I absolutely love reading MckMama's blog! She always makes it fun and interesting. But aside from that, she really makes a lot of good points too. Gives a lot of good advise, whether she is meaning to or not. This post really got me thinking about somethings and I think it came at a really good time for me. So instead of just linking back to her blog, I also copied and pasted the blog post below cause I liked it so much! Read on, and stop by and visit MckMama's blog. You'll be hooked, promise. :)
Mothers Guilt- Posted by MckMama:
What's up with mother guilt!?
See, I was struck with some kind of small epiphany late this afternoon as I drove our MSC to an outing. MckNugget's face was dirty. And I'm talking really dirty. Like, there were probably still 14 calories on there dirty.
And when faced with the strong impulse to wipe his face clean of the honey/almond butter/marker/bread crumbs/goodness-knows-what-else mess before we entered our public destination, I stopped short and asked myself a few questions.
Does how my child looks in public really matter? Do I sometimes try to find my self-worth in how my children behave/look/smell? Do I unnecessarily impose mother's guilt upon myself? Is this just another way of trying to control things in my life? Am I afraid of having that child?
You know that child, don't you? That one with shoes on the wrong feet, snarly hair and ketchup on his shirt who's not quite potty trained but really should be? The one who embarrasses us in the grocery store? The one who we think makes us look like bad parents because of their misbehavior? The one who isn't perfect? That child who is just average?
I decided once and for all today that I do want that child. That I accept average. Down with mother's guilt! Unlike opinions that I held strongly before having children, there actually is nothing wrong with allowing my children to enter a public establishment with a drool-stained onesie, an outfit that doesn't match, or behavior that is less than adorable. That it doesn't display bad things about me as a mother when my children act like children.
And so I left MckNugget's face dirty, and we entered the establishment with our heads held high.
And then, after I realized that I do want that child, I realized that, accept it or not, anyone with children already has that child. No child is perfect, just like none of us are perfect. All children are messy, all children disobey, all children have accidents in their pants and all children are born without the ridiculous notion that how they look in public matters at all.
Because it doesn't matter. And people aren't looking at or paying attention to us or our children even half as much as we think they are, anyway.
What if, instead of trying to play the comparison game just to make sure our kids have a leg up on others, we just let it go?
Besides, where did all this mother's guilt come from, anyway? In the Garden of Eden at the fall, of course. Although I had my fair share to do with the promotion of mother's guilt. Especially before I had children. You know, when I was the perfect mother. I used to silently judge mothers who had to drag their tantruming sons out of Target by their belt loops, cringe at mothers who let their daughters walk around with food stains all over the fronts of their shirts and swear that when I had children, I'd never have that child.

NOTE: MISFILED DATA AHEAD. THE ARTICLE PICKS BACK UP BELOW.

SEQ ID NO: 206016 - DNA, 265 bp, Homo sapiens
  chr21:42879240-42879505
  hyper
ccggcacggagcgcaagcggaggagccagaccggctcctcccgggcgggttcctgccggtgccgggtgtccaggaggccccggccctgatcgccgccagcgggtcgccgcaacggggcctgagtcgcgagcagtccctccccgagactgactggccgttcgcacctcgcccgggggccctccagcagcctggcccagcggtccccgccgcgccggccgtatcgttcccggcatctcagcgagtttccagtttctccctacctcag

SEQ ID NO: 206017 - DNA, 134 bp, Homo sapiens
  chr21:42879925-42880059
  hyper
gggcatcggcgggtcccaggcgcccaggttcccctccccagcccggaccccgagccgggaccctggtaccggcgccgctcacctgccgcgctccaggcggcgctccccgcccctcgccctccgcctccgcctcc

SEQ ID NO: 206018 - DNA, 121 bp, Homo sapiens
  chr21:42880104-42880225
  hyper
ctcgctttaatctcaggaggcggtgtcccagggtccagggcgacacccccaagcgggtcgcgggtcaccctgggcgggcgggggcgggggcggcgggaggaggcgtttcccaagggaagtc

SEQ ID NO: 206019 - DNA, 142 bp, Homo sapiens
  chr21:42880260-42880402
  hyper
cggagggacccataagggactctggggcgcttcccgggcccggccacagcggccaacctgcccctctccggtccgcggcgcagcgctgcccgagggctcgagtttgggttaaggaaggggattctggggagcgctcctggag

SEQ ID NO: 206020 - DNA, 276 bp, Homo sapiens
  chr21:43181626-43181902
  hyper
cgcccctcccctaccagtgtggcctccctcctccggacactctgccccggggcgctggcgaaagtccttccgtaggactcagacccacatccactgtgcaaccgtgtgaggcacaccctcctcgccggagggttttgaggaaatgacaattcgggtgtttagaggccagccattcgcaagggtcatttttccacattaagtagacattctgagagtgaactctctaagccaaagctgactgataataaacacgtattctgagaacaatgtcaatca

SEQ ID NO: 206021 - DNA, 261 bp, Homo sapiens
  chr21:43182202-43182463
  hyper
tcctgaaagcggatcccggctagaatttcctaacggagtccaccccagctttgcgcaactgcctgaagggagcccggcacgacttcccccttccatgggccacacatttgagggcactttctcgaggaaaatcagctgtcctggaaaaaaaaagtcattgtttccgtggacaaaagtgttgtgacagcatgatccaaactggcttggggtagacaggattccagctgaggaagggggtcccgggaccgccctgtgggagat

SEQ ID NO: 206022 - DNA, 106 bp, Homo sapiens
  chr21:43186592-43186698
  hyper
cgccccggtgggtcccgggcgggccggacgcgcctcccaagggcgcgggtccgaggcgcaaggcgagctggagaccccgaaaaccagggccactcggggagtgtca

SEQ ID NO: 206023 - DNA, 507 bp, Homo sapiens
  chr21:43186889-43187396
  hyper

And then, when I became a mother, I let a lot of that go. I realized that having children is hard. And dirty. And messy. And imperfect. And that that child was my child! But in turn, when I let that go, I picked up a new unhealthy habit: I found myself clinging to what I did do well, and propagated mother's guilt oh so subtly upon others that way.
My children always potty train really early. I use cloth diapers. We eat organic food. Look how nicely my children sit while we lunch at the Community Center. Blah, blah, blah, blah. As if any of that proved that I was a fabulous mother.
And that brings me back to my epiphany from earlier. I realized today how I long to reject mother's guilt.
Early potty training works for our family. But I am not a better mother for it. There are scads of 2 year olds who can produce much clearer words that the toddler babbles that still come out of the mouth of our 2 year old. But there is nothing wrong with our parenting because of it. Health and wellness are valuable to me and I love natural parenting. But I am not a better mother for making those choices. I didn't make enough breastmilk for Small Fry and I had to stop nursing her much earlier than I would have liked to. But I accept no guilt for that.
See, mothering is hard enough work without allowing ourselves to be burdened by others' guidelines for our own children. It's hard enough without giving mother's guilt to ourselves. It's hard enough when we do fail and have to face legitimate guilt, so it seems silly to add false guilt over silly, meaningless things to the mix. Mothering is hard enough!
So, here's to letting go of potty training stigmas, to allowing ourselves to be okay with being imperfect mothers, to dirty faces in public being socially acceptable and to feeding our children whatever we think is best for them. And to, instead, focusing only on what really matters.
Down with mother's guilt!!